Sure it's crap, mostly.  Lots and lots of "ly"words (and I hate them, but the faucet produces them).  Lots and lots of repetitions (there's this one sentence that uses "hand" every third or fourth word, and throws me into hysterical convulsions every time I think of it).  And those are just the things I see as I rush to channel the faucet.  I'm sure that when I go back to edit, sometime in December, I'll find all sorts of funky dangling clauses and, yes, probably waaaaay too many passive stuff that will get its snarky little butt kicked right off my MS much like you'd get rid of a cockroach in your bathtub (horrified squealing applies here, too).

But you know what?  I managed to quiet the EIE (evil internal editor--do take a jump over to Rick Bylina's blog and learn about his anti-nano guerilla), and for me, that's a huge triumph.  I'm learning to just go with it, let the story out and not worry about the form too much.  In legalese-speak there's a term, "substance over form"--well, that's exactly what NaNo has been about for me so far.  The substance is what these thirty days of oblivious spewing forth of the faucet will be about.  The form will come later, to shape it into acceptability...  But the substance?  Yeah.

Monday, November 14, 2011

I discovered authonomy

No, it's not a typo.  Authonomy, although HarperCollins spells it without the initial cap.  What is it?  It's a website where authors--published or un-pubbed--can showcase their work, and based on ratings by readers and other site members, can be selected for review by HarperCollins editors.

Sounds good.  Right?  Yippee.  And please forgive my intrinsic suspicious nature, my half-empty attitude, my snickering skepticism...  But doesn't it sound a bit too good?  As in too good to be true?

Well.  Maybe.  But it's been up since Sept 2009 and it seems to be going strong.  Besides, I'm a sucker for design, and the webpage is pretty cool.  Kinda cluttered for some, maybe, but as you can see (look around *this* page), I like clutter.  I took a quick traipse through the literary fiction titles, and some sound really enticing.  The Poet, by Andrew Stevens.  Dämon Ronion, by Brian Hatfield (I knew a Brian Hatfield, back in Cancun...  But he sold timeshare.  I don't think this is him).  There are lots of titles that really caught my attention and which I'd like to read.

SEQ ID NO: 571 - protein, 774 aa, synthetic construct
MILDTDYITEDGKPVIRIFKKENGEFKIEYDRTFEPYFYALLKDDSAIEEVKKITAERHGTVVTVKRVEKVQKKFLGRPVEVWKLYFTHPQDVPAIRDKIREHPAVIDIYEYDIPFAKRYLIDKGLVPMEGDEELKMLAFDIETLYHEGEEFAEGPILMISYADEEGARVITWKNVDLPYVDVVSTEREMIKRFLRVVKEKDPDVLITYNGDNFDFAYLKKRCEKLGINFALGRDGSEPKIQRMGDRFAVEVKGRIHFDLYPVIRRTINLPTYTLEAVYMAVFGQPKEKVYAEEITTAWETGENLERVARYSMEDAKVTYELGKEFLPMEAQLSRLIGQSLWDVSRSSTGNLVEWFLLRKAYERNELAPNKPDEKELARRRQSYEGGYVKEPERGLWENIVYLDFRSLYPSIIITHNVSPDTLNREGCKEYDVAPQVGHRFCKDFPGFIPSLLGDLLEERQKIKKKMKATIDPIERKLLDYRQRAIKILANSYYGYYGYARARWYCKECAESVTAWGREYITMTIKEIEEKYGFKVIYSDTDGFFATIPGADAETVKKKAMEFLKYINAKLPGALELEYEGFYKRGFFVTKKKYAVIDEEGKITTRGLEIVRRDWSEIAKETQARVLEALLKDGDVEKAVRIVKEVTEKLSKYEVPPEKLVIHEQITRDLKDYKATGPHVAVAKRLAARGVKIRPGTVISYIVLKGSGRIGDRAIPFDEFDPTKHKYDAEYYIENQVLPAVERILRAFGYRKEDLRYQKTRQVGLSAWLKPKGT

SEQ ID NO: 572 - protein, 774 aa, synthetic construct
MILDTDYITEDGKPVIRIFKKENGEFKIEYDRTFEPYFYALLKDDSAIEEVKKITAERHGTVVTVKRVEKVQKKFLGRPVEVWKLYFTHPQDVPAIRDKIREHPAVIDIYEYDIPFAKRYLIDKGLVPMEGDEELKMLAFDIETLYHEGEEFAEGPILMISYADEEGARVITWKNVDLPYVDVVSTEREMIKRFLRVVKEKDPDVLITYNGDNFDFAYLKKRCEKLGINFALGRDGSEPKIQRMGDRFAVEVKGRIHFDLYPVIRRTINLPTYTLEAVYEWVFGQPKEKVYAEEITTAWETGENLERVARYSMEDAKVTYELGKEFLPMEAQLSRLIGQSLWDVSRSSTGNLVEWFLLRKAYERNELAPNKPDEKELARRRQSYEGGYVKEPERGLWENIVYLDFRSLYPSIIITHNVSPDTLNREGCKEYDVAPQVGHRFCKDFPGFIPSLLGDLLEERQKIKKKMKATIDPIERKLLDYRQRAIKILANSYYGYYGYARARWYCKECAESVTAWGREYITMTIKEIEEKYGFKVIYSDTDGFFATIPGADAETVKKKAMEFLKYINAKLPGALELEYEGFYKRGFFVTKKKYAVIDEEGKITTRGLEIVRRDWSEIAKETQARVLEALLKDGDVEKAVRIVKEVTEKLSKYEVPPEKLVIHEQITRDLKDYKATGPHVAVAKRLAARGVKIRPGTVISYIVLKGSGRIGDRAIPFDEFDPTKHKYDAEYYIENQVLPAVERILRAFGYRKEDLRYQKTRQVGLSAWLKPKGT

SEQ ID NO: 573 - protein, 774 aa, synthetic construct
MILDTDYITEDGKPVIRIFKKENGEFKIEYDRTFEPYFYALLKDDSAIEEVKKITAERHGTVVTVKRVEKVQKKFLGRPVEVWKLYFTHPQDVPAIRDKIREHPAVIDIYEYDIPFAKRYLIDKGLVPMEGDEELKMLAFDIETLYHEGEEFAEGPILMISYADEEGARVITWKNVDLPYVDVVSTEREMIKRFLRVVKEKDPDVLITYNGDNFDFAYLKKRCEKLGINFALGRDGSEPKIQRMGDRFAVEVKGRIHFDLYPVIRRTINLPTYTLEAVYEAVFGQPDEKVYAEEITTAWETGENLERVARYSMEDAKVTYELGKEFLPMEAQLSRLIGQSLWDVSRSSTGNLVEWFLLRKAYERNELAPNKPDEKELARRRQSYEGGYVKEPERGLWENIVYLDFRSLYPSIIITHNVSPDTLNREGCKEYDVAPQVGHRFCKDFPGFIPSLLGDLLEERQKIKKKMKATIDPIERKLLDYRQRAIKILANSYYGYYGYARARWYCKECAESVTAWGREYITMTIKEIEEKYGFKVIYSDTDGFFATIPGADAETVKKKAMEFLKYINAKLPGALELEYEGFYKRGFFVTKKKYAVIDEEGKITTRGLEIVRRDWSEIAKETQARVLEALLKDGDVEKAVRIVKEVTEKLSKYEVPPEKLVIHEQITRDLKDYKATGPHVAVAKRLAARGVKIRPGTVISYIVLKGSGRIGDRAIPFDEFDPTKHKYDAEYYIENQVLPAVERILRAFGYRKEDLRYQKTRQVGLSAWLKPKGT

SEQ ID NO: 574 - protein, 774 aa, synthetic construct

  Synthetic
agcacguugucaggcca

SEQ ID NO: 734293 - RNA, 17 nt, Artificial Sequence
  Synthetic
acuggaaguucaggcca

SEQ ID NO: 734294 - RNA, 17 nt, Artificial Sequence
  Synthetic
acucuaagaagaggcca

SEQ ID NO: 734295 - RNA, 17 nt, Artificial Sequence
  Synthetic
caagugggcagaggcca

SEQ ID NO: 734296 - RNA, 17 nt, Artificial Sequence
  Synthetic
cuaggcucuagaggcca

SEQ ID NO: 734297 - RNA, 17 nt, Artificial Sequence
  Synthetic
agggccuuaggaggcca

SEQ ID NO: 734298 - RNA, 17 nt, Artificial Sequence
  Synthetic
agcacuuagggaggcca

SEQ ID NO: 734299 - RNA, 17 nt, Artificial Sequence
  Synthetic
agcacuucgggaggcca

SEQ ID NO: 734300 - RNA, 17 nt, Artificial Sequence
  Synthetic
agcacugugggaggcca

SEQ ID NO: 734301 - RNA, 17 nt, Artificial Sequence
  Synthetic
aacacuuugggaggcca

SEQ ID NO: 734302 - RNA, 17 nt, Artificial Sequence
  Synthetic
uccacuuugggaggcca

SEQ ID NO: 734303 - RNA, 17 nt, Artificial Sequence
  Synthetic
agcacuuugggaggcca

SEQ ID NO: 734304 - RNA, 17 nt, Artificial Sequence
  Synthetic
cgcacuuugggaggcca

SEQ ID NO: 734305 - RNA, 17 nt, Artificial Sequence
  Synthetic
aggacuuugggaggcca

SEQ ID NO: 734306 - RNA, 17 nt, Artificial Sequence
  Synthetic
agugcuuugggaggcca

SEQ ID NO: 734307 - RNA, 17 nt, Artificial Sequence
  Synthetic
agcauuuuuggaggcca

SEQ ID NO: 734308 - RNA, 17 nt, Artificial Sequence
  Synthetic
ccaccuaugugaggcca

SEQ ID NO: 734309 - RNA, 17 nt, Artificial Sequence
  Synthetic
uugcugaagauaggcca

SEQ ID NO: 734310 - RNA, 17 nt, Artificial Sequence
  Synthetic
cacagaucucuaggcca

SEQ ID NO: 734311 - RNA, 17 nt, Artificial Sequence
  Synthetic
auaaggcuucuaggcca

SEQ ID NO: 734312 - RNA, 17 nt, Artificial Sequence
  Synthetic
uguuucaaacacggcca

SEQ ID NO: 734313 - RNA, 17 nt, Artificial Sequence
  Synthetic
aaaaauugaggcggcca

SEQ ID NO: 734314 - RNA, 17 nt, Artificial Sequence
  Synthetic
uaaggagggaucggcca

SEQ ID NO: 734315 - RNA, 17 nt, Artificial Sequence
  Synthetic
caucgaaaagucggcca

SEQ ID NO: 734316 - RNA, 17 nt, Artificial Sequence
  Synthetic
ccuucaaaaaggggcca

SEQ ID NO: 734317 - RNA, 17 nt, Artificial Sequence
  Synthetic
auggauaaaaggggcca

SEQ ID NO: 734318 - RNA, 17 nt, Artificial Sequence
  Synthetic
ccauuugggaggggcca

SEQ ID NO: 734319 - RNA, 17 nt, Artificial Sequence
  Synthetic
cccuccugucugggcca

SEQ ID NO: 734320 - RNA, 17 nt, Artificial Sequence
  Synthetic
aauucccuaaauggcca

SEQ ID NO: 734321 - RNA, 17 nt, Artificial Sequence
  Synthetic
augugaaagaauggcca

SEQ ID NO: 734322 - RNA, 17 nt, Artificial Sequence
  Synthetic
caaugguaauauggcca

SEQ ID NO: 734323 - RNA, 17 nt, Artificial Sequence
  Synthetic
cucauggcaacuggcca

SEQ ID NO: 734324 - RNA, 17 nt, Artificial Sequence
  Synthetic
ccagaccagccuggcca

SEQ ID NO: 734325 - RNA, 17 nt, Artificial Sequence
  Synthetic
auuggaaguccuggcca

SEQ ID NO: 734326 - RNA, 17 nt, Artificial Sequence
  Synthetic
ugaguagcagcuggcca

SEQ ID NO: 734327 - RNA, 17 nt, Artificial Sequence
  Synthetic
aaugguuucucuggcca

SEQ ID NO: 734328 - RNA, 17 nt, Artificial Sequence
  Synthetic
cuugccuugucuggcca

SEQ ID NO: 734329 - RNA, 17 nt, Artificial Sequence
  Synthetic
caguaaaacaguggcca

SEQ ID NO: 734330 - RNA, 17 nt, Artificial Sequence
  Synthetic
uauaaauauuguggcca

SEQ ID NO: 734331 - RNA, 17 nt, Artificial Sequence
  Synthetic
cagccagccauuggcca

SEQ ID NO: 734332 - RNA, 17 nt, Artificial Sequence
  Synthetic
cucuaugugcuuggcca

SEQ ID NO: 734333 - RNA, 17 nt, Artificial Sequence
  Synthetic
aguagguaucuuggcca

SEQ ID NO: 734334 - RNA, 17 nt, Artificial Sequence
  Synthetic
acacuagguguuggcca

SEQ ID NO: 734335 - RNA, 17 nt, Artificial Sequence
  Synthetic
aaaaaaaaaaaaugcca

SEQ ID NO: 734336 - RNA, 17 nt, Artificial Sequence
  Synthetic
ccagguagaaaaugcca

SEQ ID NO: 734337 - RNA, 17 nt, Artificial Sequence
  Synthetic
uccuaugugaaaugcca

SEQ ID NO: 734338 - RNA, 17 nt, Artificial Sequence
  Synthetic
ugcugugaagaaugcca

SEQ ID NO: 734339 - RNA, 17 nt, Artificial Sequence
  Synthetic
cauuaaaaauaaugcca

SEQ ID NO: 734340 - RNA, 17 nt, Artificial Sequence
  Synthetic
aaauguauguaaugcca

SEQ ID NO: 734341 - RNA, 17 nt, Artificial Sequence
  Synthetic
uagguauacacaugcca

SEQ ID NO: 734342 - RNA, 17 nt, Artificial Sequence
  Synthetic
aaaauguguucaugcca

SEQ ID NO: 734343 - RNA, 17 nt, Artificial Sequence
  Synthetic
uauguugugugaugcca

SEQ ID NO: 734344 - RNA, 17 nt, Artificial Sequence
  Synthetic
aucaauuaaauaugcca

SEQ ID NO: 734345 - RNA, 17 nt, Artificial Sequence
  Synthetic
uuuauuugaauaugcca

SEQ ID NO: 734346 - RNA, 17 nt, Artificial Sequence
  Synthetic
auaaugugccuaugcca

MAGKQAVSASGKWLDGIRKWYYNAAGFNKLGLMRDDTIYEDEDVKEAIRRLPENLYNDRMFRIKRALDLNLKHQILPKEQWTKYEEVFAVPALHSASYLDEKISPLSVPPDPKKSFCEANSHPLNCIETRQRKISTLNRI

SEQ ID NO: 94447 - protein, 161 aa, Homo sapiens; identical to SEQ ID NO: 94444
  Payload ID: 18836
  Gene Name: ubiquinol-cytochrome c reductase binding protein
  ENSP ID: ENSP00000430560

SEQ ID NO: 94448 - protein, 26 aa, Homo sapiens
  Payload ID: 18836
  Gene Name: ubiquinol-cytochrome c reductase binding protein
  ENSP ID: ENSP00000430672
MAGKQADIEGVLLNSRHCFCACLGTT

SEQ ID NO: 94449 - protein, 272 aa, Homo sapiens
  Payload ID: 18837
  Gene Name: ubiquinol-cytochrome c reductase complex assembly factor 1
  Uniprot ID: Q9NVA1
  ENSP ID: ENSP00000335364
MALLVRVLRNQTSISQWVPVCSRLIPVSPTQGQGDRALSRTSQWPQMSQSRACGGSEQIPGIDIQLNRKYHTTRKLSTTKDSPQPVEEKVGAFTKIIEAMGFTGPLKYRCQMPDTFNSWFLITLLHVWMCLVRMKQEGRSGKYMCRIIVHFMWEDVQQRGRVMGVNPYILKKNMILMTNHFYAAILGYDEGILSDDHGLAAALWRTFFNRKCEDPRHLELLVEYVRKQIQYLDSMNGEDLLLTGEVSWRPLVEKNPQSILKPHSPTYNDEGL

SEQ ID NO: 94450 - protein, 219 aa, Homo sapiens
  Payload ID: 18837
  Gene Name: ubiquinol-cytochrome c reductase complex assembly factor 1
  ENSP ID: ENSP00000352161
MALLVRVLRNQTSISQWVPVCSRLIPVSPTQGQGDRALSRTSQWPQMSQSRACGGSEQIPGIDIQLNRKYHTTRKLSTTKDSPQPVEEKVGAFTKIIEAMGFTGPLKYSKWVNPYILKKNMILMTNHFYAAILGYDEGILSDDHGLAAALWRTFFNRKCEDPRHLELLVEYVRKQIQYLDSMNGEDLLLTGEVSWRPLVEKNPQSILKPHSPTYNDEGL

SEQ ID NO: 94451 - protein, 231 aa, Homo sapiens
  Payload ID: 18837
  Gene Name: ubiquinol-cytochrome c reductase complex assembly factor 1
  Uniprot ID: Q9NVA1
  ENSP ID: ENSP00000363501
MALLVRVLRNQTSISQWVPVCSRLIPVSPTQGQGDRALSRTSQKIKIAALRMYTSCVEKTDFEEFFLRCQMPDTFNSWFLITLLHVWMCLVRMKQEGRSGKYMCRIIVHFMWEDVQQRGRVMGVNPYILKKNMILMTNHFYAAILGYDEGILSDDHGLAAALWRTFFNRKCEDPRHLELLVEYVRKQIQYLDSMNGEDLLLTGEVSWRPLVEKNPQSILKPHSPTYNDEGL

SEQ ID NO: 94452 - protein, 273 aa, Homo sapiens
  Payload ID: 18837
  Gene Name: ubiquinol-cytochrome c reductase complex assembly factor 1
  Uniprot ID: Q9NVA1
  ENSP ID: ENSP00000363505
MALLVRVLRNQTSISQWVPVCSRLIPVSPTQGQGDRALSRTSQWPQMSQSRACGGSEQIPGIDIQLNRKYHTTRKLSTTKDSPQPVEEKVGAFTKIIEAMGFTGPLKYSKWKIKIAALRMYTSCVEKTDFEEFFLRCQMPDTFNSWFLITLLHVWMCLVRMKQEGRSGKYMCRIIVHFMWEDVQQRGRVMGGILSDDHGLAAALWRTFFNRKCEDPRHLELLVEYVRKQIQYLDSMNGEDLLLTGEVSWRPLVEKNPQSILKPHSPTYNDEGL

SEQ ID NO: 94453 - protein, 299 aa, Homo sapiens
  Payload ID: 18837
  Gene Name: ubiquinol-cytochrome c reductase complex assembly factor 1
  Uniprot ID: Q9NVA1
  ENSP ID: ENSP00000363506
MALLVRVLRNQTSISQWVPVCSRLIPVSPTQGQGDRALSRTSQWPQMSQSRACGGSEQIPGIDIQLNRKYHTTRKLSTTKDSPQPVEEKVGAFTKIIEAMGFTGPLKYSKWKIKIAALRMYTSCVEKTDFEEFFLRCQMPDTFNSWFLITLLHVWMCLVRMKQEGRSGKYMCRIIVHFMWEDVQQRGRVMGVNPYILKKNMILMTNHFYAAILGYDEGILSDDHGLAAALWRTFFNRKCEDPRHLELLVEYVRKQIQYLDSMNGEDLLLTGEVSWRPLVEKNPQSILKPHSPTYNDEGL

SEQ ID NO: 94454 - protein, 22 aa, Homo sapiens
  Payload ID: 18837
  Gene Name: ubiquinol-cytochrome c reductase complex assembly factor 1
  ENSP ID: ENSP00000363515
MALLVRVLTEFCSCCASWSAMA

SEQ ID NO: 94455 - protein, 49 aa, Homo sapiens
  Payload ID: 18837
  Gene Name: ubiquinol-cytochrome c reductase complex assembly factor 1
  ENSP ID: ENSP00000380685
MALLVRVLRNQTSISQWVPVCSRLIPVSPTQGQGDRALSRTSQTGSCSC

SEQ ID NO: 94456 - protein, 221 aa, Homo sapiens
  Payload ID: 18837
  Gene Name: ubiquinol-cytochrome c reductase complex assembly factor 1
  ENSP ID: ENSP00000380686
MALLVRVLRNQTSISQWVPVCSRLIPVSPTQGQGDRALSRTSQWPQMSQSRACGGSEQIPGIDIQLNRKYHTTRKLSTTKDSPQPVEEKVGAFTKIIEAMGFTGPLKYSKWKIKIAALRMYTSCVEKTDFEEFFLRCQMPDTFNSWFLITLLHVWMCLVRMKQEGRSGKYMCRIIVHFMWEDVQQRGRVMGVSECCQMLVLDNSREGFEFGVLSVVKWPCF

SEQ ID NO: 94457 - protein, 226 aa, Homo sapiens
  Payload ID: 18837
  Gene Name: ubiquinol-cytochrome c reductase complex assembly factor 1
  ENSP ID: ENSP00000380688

So content is not the problem with authonomy.  What is, then?  Well... I don't know.  I find it strange that in this day and age of immediate gratification, of information readily available  e v e r y w h e r e, this is the first time I hear of this site.  But that may be my own shortcoming, my own fault for not following the blogs I should be, for not researching as thoroughly as I thought I had.

And my question to you today is: have YOU heard of authonomy?  What's your gut feeling about a site like this?  How come we're not ALL on there?  Or are we (*ahem* as soon as I register)?  Seriously thinking about posting the almost-ready version of Restoring Experience over there.  Or should I do the normal query runabout dance first, take authonomy as a next-best option?

If you, my dear reader, are not a writer, do take a click-stroll over to the authonomy site and grace these authors with your fine reading skills.  Lots of great books right there--no downloads, so you have to read online, but hey.  It's free.  Authors everywhere will kiss your foot for it.  And you have the incredible opportunity to become a Top Talent Spotter if you spot talent before it's discovered by other people.  Pretty cool, in my opinion.

Sunday, November 13, 2011

Six Sentence Sunday (November 13)